Risks of Cosigning a Loan

 

A friend or relative asks you to co-sign a loan. He or she assures you that the loan will be repaid in full and you'll never be called upon to cough up the cash due to default. Being the nice person that you are, you agree, but before you sign those papers, make sure you know the risks and how to protect yourself. Studies conducted among certain types of lenders revealed that of all the co-signed loans that go to default, as many as three out of four co-signers are required to repay the loan.

Remember, your friend or relative has asked you to co-sign because he or she has been turned down for credit by a professional lender. Sometimes this is due more to a lack of credit history than bad credit, but the reality is that a lender, who is in the business of lending money, felt that the borrower is too much of a risk. This should give you pause for thought. In most states, if the borrower misses a payment, the lender can come after you first, without trying to collect from the borrower. You could be required to pay late fees or attorney fees, you could have your wages garnished, you could lose any property you pledged against the loan or you could be sued.

Before you co-sign for a loan, be sure you can afford to pay the debt if the borrower defaults on the loan. You may feel confident that this won't happen, but consider the unexpected: people lose their jobs, become ill or disabled, or die unexpectedly. Others are just irresponsible. When you co-sign a loan, be sure you are capable of repaying the loan, and that it wouldn't cause a financial hardship or jeopardize your own credit. The loan you co-sign will show up as a liability on your credit record, which may prevent you from obtaining credit yourself. If you're planning to buy a house, car, or other large purchase during the life of the co-signed loan, you may want to think twice.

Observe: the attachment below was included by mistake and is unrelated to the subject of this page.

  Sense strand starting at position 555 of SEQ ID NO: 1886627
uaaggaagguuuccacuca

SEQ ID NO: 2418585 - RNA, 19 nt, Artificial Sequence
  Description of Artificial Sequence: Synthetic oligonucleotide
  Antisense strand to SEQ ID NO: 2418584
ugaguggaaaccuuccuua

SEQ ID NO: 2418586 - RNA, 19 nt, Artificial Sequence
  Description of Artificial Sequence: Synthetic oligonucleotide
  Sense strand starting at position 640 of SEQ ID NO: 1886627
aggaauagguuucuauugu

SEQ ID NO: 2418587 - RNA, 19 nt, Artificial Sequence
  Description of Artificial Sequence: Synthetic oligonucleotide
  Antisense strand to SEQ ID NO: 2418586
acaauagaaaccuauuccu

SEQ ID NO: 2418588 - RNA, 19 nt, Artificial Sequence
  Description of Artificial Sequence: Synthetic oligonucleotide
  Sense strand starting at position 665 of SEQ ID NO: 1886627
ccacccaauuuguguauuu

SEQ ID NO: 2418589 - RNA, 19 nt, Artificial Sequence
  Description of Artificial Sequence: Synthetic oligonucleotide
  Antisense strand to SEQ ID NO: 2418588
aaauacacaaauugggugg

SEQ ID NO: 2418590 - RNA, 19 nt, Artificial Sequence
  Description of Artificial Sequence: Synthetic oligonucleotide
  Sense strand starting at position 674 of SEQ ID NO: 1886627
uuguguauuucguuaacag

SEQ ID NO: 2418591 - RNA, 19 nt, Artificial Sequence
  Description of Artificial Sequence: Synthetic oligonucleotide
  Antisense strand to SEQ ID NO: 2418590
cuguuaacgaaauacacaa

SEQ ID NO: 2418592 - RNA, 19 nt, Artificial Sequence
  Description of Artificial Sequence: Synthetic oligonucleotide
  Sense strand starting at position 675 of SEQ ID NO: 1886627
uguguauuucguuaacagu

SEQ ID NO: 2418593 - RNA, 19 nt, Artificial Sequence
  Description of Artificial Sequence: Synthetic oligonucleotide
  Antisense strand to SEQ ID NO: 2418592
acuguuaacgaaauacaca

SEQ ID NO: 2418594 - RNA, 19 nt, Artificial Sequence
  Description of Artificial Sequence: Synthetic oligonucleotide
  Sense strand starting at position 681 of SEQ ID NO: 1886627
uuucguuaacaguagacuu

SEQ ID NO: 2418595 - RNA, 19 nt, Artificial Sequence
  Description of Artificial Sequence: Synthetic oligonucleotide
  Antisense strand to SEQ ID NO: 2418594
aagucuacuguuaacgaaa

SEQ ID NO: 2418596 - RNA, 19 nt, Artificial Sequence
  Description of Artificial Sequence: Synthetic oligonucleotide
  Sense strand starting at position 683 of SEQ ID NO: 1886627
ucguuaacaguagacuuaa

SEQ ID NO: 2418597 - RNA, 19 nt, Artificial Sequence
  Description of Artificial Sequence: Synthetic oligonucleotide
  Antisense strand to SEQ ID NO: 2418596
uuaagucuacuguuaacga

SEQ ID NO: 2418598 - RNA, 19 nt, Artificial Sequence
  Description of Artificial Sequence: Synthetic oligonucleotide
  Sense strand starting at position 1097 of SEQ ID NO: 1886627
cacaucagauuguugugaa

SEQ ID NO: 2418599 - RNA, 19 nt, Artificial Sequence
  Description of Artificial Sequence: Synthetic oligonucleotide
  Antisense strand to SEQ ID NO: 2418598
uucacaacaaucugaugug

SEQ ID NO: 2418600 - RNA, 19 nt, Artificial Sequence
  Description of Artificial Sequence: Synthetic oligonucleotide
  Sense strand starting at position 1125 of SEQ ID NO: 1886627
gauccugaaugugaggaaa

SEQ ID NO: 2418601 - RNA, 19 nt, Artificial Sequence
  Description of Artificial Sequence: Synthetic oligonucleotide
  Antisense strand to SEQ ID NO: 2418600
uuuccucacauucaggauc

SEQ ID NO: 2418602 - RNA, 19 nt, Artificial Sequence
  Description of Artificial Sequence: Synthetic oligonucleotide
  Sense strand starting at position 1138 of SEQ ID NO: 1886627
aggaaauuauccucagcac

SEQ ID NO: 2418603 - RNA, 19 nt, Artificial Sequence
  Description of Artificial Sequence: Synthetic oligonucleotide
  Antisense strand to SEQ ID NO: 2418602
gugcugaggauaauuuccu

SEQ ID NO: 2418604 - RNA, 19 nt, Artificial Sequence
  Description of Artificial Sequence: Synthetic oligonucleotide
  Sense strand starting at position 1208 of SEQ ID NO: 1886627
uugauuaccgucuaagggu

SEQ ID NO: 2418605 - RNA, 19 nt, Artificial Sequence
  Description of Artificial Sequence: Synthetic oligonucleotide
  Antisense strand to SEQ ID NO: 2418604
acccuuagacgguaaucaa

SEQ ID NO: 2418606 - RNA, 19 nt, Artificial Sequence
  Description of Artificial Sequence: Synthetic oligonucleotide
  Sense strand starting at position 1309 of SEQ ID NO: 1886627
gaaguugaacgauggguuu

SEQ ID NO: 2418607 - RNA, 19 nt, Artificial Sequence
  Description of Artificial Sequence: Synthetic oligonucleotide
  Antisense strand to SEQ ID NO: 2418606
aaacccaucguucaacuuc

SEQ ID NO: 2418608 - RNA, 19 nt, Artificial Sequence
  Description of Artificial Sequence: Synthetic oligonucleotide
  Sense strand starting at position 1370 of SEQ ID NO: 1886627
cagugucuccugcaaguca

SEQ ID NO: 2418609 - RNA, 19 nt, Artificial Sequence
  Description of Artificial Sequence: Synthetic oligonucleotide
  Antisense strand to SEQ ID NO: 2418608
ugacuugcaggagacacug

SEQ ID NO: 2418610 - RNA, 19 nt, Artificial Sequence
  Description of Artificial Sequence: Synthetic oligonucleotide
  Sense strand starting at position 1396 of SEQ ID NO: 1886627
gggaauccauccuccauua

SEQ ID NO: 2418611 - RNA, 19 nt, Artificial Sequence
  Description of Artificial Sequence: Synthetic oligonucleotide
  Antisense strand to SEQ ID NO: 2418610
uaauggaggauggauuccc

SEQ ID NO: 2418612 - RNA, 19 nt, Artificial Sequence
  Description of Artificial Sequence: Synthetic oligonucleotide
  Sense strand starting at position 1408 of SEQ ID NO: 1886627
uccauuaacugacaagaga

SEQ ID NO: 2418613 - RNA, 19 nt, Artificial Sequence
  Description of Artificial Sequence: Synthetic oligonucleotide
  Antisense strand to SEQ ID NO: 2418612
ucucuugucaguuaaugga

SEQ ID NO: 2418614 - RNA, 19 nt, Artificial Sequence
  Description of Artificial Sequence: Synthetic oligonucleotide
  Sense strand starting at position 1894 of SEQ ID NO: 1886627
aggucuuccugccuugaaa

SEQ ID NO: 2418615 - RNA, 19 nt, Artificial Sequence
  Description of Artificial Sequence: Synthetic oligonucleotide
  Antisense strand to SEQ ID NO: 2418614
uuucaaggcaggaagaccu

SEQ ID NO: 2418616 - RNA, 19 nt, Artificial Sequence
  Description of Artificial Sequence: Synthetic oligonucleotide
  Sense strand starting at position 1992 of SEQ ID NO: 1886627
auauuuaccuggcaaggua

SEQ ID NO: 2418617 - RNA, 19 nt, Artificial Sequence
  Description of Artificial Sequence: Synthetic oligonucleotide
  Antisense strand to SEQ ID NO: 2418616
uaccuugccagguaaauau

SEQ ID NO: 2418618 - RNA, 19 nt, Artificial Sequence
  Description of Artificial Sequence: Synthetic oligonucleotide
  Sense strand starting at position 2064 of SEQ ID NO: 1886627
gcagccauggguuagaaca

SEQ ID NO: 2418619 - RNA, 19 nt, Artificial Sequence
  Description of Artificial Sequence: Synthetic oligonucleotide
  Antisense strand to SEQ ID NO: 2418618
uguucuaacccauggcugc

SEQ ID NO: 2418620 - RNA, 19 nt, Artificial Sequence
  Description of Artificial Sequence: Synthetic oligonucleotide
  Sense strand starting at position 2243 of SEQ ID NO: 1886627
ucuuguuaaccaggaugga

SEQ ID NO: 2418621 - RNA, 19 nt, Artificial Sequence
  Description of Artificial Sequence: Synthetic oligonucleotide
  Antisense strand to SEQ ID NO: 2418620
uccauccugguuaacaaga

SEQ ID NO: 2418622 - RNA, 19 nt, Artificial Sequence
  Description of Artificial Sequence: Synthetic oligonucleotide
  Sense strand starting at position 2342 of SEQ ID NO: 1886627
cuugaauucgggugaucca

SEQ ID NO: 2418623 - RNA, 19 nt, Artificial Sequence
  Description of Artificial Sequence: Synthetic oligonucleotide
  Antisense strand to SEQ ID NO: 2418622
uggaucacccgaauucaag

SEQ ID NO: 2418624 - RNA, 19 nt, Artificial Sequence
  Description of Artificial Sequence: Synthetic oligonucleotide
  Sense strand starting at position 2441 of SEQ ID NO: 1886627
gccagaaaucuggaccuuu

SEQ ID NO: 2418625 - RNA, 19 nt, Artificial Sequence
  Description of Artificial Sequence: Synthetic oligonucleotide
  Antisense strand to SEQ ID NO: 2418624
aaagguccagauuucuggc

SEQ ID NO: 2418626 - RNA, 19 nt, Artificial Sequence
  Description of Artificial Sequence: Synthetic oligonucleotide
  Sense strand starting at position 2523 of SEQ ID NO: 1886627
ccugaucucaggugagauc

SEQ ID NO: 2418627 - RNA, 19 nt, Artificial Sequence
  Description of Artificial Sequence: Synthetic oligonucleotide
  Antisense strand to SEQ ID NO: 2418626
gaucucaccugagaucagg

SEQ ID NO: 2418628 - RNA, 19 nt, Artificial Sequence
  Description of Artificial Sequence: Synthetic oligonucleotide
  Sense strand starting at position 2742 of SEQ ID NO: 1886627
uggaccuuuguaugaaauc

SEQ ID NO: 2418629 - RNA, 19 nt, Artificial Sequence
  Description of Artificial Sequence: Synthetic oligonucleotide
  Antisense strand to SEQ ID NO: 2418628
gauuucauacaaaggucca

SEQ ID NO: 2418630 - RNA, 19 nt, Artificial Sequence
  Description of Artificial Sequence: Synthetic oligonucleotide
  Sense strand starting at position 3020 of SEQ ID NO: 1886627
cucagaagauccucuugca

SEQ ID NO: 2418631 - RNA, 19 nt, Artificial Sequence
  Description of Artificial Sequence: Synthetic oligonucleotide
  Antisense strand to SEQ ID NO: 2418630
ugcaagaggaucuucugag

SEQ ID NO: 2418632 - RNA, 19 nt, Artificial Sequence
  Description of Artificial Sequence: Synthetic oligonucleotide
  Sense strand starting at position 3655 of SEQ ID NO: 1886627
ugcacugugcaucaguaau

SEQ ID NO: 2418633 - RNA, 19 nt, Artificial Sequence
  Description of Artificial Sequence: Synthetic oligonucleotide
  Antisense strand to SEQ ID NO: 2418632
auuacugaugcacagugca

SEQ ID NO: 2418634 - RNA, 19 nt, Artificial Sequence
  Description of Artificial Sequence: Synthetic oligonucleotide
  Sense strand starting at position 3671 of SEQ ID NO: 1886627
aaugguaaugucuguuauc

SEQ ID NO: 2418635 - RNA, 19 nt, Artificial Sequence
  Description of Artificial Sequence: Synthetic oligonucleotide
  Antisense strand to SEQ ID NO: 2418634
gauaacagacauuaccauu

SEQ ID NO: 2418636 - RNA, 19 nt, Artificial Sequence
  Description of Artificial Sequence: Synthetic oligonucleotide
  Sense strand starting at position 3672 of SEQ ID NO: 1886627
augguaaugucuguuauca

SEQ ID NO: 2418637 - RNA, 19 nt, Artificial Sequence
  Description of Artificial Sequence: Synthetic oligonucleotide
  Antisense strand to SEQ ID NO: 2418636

Despite the risks, there are times when it makes sense to co-sign a loan. For instance, many parents do it for their kids to help them establish credit. If you do decide to co-sign a loan, try to get the lender to agree in writing that in the event of a default, you would be responsible for only the principal balance of the loan. This would protect you against legal fees if the lender decided to sue.

Also ask the lender to agree in writing to notify you if the borrower is late with a payment. This could give you valuable time to try to rectify the situation before it gets out of hand. Make sure you get copies of all the paperwork for the loan. If the lender won't give them to you, get them from the borrower. Before you make the decision to co-sign a loan, you should know the purpose of the loan, type of loan, and terms of the loan. The bottom line is that you should treat co-signing a loan as if you were borrowing the money yourself, because when push comes to shove, that's exactly what you're doing.

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